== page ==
Auto Service World
Feature   September 1, 2007   by Auto Service World

Temperature Control Systems and Components

What Your Customers Want

The temperature control market is a vast and complex arena. While most repair outlet owners and technicians probably have a decent handle on most of the intricacies, it certainly won’t hurt your client relationships if you are personally up to speed on some of the more critical issues today.

From hard-part replacement issues, to coolant conundrums, to regulatory head-aches, knowing your way around the temperature control game is a counterperson must.

Know Your Coolants

As difficult as the coolant category can be for jobbers, with its slim profit margin and proliferation of chemistries, today’s counterperson can rest assured that the overall nuisances don’t stop once the product leaves your store. In fact, one could argue that the technicians themselves have even more problems with it.

To begin with, there are essentially three types of coolant technologies currently out there. These include conventional–usually green–inorganic additive technology (IAT) coolant; Organic Acid Technology (OAT), most commonly known as Dex-Cool, which GM is committed to for the foreseeable future; and Hybrid Organic Acid Technology (HOAT), also known as G-05, which has been adopted by Ford, DaimlerChrysler, and several others. Today, though there is still a lot of talk on the street of “universal compatibility” but little evidence to back that up, there is no one formulation that has been accepted by all OEMs.

While that question will be mulled over by regulators and engineers for some time, one must be realistic about the current state of the controversy. Yes, there is evidence in the lab that mixtures of more than 25% of one coolant technology with another will cause the resulting solution to fail the relevant standards; but it is more common that a failed coolant and any resulting damage will be the product of much less exotic problems, such as bad water or the wrong mix ratio.

This is particularly prevalent in heavy-duty and off-road applications, where roadside refills can either dilute the coolant package to near-water, or increase the concentration to the point that protection is compromised. (The ideal proportion is 50/50, but no more than 60/40, water/coolant).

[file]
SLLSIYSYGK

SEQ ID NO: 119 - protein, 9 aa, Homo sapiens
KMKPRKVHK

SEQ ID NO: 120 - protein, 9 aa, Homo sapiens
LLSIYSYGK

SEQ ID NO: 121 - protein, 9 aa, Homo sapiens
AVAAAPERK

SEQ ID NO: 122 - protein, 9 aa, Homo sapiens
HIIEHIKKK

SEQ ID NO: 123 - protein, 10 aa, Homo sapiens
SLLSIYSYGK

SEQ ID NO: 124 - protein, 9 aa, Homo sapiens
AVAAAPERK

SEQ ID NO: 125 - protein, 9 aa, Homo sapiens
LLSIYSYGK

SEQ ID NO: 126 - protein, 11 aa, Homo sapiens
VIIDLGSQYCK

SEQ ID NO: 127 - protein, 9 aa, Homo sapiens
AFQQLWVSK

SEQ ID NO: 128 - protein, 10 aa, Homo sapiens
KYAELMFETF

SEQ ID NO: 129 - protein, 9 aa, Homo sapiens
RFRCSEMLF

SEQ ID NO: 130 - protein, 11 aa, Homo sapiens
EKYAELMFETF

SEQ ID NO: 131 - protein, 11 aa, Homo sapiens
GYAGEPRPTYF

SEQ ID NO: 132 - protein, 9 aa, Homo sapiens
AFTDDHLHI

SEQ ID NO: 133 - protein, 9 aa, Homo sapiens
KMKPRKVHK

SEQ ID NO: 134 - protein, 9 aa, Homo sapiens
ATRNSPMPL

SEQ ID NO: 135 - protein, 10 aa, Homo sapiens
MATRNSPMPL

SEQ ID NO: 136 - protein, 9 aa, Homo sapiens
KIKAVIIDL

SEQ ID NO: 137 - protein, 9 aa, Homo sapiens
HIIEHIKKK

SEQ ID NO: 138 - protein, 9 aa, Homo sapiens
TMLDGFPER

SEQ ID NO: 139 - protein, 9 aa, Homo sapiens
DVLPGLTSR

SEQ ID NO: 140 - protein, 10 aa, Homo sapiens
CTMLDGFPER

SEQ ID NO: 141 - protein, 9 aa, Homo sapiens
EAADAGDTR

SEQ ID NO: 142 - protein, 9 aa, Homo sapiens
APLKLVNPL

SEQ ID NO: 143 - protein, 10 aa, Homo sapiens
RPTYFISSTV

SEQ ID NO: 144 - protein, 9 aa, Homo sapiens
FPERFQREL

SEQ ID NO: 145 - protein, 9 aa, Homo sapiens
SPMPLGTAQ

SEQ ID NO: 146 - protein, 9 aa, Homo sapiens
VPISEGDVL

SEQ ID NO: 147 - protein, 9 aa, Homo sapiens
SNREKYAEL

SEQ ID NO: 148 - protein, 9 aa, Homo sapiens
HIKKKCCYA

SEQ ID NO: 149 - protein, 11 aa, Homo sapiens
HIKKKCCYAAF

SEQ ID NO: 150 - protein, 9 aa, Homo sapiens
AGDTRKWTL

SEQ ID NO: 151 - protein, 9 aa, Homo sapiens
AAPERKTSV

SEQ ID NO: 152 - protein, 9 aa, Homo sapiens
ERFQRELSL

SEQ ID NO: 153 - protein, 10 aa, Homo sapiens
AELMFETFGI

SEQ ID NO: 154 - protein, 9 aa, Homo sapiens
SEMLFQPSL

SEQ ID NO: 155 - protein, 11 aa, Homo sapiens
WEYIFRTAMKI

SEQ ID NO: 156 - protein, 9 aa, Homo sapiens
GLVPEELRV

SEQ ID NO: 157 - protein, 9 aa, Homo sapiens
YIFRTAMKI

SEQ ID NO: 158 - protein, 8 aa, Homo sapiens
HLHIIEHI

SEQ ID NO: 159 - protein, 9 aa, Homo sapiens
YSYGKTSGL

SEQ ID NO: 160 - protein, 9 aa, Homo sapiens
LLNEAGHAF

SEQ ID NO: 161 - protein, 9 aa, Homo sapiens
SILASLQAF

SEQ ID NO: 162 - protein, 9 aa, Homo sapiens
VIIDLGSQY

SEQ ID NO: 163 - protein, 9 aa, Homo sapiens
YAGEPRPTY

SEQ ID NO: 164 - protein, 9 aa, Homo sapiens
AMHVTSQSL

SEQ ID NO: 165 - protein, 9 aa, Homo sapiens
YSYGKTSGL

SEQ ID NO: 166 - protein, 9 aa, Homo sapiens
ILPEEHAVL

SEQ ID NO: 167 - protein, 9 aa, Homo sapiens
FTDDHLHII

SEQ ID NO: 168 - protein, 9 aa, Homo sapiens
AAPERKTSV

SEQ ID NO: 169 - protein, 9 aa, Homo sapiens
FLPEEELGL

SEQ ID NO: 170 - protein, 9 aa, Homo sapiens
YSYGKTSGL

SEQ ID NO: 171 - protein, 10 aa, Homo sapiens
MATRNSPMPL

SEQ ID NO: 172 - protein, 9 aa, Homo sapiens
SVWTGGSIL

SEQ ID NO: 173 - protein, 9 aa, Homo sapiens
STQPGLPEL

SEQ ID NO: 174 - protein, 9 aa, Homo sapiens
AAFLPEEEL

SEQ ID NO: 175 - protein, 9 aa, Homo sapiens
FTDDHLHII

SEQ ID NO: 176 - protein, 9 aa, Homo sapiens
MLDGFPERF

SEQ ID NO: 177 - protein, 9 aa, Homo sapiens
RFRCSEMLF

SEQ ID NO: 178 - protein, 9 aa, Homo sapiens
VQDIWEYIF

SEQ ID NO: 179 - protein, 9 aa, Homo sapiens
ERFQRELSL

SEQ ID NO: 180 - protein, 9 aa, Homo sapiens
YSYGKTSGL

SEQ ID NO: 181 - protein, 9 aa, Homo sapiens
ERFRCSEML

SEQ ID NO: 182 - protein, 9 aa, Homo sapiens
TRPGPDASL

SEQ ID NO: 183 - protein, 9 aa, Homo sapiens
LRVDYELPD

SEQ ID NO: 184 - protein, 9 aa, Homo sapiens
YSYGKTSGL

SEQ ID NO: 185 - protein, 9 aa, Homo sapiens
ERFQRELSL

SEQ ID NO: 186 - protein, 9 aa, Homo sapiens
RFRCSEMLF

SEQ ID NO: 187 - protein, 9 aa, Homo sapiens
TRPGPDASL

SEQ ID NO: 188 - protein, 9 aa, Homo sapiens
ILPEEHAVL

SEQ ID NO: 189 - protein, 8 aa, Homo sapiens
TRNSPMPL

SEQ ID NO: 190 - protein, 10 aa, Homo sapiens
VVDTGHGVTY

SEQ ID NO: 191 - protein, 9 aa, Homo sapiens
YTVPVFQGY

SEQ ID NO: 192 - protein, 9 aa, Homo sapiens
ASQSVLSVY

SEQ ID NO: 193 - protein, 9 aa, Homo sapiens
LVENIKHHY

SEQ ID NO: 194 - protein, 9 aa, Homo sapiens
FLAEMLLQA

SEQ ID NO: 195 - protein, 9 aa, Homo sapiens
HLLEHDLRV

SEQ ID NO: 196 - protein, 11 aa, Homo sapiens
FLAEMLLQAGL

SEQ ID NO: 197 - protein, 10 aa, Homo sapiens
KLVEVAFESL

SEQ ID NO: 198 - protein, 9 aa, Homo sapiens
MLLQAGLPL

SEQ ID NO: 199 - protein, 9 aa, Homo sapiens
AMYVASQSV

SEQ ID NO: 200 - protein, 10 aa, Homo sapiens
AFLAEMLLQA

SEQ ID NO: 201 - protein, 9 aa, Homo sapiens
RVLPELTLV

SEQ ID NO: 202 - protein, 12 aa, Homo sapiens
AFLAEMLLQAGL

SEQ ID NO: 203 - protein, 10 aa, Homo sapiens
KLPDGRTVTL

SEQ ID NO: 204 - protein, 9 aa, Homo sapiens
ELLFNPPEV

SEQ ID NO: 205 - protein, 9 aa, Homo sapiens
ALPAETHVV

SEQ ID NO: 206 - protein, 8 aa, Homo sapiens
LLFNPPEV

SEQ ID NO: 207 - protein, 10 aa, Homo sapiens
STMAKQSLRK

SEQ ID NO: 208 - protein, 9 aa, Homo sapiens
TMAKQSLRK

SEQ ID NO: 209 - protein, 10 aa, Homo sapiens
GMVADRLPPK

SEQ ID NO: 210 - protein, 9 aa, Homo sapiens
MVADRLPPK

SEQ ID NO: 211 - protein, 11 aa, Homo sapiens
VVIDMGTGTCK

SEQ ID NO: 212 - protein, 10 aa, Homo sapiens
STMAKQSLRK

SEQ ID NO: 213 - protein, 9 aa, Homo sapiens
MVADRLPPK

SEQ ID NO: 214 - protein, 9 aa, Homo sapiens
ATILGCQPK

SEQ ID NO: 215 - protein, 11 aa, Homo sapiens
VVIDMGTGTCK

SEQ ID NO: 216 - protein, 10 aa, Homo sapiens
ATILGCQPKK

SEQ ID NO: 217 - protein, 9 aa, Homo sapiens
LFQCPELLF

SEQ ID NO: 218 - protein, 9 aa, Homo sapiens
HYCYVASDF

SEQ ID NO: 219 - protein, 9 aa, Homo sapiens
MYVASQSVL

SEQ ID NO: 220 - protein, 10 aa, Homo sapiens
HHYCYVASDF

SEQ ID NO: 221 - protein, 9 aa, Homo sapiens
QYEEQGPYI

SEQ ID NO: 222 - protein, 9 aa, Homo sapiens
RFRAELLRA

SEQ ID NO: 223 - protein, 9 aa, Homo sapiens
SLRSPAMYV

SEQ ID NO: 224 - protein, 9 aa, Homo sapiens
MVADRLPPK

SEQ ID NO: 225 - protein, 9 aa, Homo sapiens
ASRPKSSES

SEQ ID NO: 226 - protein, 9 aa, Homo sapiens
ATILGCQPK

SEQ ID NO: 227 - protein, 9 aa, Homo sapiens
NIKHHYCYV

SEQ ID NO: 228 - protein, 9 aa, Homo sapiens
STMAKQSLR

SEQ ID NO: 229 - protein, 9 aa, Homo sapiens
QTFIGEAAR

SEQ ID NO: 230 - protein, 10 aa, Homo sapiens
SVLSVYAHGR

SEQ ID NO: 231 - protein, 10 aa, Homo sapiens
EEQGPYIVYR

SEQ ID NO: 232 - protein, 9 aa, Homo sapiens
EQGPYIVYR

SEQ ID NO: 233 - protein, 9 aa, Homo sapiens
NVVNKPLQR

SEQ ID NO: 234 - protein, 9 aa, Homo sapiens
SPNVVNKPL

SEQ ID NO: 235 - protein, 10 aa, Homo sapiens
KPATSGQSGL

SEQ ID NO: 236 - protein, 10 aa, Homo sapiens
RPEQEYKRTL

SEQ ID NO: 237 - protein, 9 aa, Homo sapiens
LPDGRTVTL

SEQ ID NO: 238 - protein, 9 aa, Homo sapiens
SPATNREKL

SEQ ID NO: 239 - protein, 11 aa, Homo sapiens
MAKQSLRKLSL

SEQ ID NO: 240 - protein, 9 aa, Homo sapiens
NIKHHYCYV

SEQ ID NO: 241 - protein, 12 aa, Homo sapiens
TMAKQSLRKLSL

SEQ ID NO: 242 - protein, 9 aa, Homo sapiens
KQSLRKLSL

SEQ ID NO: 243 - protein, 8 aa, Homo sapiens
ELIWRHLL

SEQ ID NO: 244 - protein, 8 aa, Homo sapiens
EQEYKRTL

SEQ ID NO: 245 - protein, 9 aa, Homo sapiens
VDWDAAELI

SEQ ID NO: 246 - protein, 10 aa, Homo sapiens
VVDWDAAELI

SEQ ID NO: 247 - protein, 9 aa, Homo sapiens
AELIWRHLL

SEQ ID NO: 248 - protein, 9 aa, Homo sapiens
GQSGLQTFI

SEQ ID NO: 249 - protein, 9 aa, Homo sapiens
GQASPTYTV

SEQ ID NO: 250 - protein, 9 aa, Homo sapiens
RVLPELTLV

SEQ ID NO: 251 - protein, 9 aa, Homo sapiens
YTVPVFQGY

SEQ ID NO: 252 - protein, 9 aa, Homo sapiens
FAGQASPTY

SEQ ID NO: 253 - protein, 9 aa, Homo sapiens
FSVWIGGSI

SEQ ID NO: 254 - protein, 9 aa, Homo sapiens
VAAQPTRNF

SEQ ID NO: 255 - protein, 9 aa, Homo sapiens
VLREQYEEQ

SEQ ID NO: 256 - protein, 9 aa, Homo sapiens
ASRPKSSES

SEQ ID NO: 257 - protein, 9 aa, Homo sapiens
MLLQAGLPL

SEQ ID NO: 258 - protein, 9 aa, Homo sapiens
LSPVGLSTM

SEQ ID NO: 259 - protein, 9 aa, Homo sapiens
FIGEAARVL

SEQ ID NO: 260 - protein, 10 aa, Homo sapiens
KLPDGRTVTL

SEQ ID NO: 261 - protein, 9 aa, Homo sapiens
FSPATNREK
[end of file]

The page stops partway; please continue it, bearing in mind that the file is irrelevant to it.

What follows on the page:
As mentioned, water quality is a huge variable. Chlorine will corrode aluminum tubes. Mineral-laden water will clog them. Sand and dirt, as well as silicate and inhibitor dropout from incorrect use of supplemental coolant additives (SCAs), also compromise cooling.

Finally, the proliferation of coolant technologies has led to a desire to limit the amount of variety needed by those who sell coolant, which in turn has led some companies to claim universal compatibility with their products. These claims have raised a few eyebrows–and at least a few of those were at the U.S. Federal Trade Commission, which asked at least one supplier to cease making that claim until further testing could be performed.

Air Conditioning

Perhaps the most important piece of information a counterperson can obtain in terms of A/C service is a solid working understanding of the various scraps of legislation that govern your particular jurisdiction. Jobber News publishes an annual reference guide in the A/C supplement included with the April issue (also accessible online at For example, some major changes are taking effect in Quebec this year that will have major implications on how temperature control chemicals are handled in that province, bringing it into line with most other provinces. The law provides for three areas of air conditioning: commercial refrigeration, automotive, and white goods like refrigerators and freezers. The new law, which fundamentally deals with ODS and hydrocarbon handling, initially passed in 2004, but became a more pointed issue in June of 2007 when training was to be completed.